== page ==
Preparing for Changes in Federal Estate and Gift Tax Laws

by Glenn DiBenedetto | Oct 5, 2020

The federal lifetime gift and estate exemption stands at $11.58 million per person for 2020, but is set to revert to a base level of $5 million, plus inflation adjustments, in 2026. Last November, the Internal Revenue Service (IRS) issued final regulations clarifying that taxpayers who took advantage of the increased exemption amount (tied to the Tax Cuts and Jobs Act – TCJA) would not be subject to a future ‘clawback’ should the exemption decrease. Per the IRS news release, “individuals planning to make large gifts between 2018 and 2025 can do so without concern that they will lose the tax benefit of the higher exclusion level once it decreases after 2025.”

The possibility exists that the exemption amount could change prior to 2026 as Democratic presidential candidate Joe Biden’s tax plan could undo the TCJA changes sooner. Individuals likely to have a taxable estate and are in a position to make gifts should consider whether to gift assets while the exemption remains at a favorable level.

The sudden economic downturn brought on by COVID-19 has decreased the value of many investments and other assets, including closely-held businesses. These depressed values, along with lower interest rates and additional estate and gift tax exemptions, present numerous estate planning opportunities for people with more complex estates. The CARES Act and related government spending are likely to result in higher income and estate taxes in the near future no matter the results of the November elections.

It is an appropriate time to consider succession planning for business interests, wealth transfers of investments and other assets that are likely to appreciate in the future outside of your estate. Establishing a grantor-retained annuity trust (GRAT) and other trusts, capital gains or loss harvesting, Roth IRA conversions and other income acceleration possibilities should be reviewed. Attention to our personal estate may also help alleviate some of the uncertainty our families are currently experiencing.

Given the low interest rate environment, high-net-worth individuals may be able to take advantage of certain estate planning strategies.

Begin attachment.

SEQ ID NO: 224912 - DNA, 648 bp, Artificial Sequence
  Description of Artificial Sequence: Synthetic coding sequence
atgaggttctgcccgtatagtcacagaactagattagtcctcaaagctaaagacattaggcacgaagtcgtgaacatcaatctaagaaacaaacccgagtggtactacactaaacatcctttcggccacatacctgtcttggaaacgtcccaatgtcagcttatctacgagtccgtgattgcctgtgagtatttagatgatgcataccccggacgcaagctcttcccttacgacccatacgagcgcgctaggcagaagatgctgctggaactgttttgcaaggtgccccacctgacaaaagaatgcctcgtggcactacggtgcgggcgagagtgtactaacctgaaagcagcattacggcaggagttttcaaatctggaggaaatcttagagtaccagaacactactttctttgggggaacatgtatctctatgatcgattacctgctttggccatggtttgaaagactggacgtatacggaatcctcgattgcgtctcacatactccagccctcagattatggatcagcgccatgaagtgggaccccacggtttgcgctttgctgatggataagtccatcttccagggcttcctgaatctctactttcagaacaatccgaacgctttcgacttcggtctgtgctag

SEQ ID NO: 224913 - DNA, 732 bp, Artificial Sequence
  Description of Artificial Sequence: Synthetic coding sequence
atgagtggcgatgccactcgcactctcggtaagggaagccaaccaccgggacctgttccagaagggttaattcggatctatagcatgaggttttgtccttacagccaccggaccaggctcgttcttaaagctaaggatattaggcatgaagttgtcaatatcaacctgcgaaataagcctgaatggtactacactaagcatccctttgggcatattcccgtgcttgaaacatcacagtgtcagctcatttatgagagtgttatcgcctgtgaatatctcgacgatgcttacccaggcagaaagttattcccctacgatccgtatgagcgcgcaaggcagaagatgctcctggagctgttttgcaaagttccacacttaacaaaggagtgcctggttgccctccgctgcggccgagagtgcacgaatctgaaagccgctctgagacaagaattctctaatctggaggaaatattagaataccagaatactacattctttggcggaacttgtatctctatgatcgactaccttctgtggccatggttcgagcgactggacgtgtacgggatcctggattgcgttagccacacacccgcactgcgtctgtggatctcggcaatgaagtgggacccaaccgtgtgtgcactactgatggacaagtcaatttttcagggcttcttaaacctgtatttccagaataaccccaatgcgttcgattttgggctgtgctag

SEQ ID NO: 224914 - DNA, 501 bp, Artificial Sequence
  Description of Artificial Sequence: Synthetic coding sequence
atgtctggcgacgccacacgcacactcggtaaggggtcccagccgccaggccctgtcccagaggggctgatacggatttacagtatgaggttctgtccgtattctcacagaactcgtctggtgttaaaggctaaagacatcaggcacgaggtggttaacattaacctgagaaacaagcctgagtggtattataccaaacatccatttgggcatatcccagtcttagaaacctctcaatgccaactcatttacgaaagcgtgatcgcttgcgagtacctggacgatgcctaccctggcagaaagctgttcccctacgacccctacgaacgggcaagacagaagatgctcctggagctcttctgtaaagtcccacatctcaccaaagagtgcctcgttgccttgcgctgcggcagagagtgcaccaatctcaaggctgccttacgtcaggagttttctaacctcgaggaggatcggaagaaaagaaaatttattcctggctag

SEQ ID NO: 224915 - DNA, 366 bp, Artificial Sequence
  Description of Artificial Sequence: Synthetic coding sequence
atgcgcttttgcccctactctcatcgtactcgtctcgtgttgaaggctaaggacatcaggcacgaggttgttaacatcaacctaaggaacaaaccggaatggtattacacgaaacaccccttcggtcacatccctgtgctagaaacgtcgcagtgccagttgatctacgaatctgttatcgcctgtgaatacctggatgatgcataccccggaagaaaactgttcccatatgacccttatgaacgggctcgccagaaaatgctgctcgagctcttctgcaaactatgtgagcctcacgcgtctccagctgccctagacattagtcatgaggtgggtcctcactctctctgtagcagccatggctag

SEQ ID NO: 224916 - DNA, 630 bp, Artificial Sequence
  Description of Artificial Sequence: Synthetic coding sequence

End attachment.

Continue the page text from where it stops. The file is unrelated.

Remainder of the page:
For example, GRATs allow for the transfer of assets that grow above the statutory IRS rate at a discounted gift and estate tax cost. The IRS Section 7520 rate stands at a meager 0.4% for October. Assets placed in a newly-formed GRAT which grow above that rate of the trust’s term will ultimately transfer to the trust’s designated beneficiaries, thus representing a potentially significant estate planning opportunity.

As another example, properly structured intra-family loans can take advantage of low interest rates. The October applicable federal rate for a mid-term loan (more than three years, but less than nine years) stood at just 0.38%.

Many states have estate exclusion exemptions far below the federal level. The Massachusetts exemption amount remains at 1 million.  Some other examples include Rhode Island at 1.5 million, Vermont at 2.8 million, Maine at 5.7 million, Connecticut at 3.6 million and New York at 5.3 million. Unless structured properly, a spouse’s credit can be lost upon death. Your estate plans should be reviewed to ensure trust provisions incorporate federal and state tax limits. This might include a credit shelter trust.

Also, check that your beneficiaries are listed as you currently intend, specifically on wills and trusts, IRAs, 401(k)s, other retirement plans and life insurance policies. Ensure that certain assets such as residences, other properties and investments are properly titled. This is especially important if you have a revocable or living trust. Make sure your estate planning documents have been updated to reflect the state of your legal domicile. This is critical to ensure your wishes are valid and enforceable after your passing. Note, a legal residence is not necessarily the same as a legal domicile.

Under the current law, each person can make gifts of up to $15,000 per individual per year. When a husband and wife each plan to make a $15,000 gift to a child, we suggest each spouse write a separate check to the child, even if both checks are from a joint account. To complete a gift in a specific year, the check must be written and deposited in that year.

We suggest you consult with your estate planning attorney on these matters. Our office would be happy to participate in these conversations with you and your attorney. If you do not have an attorney, please leverage our network of elite local and national trust and estate attorneys. As always, our talented team of professionals is available to help assist with these matters or any other financial needs that may arise.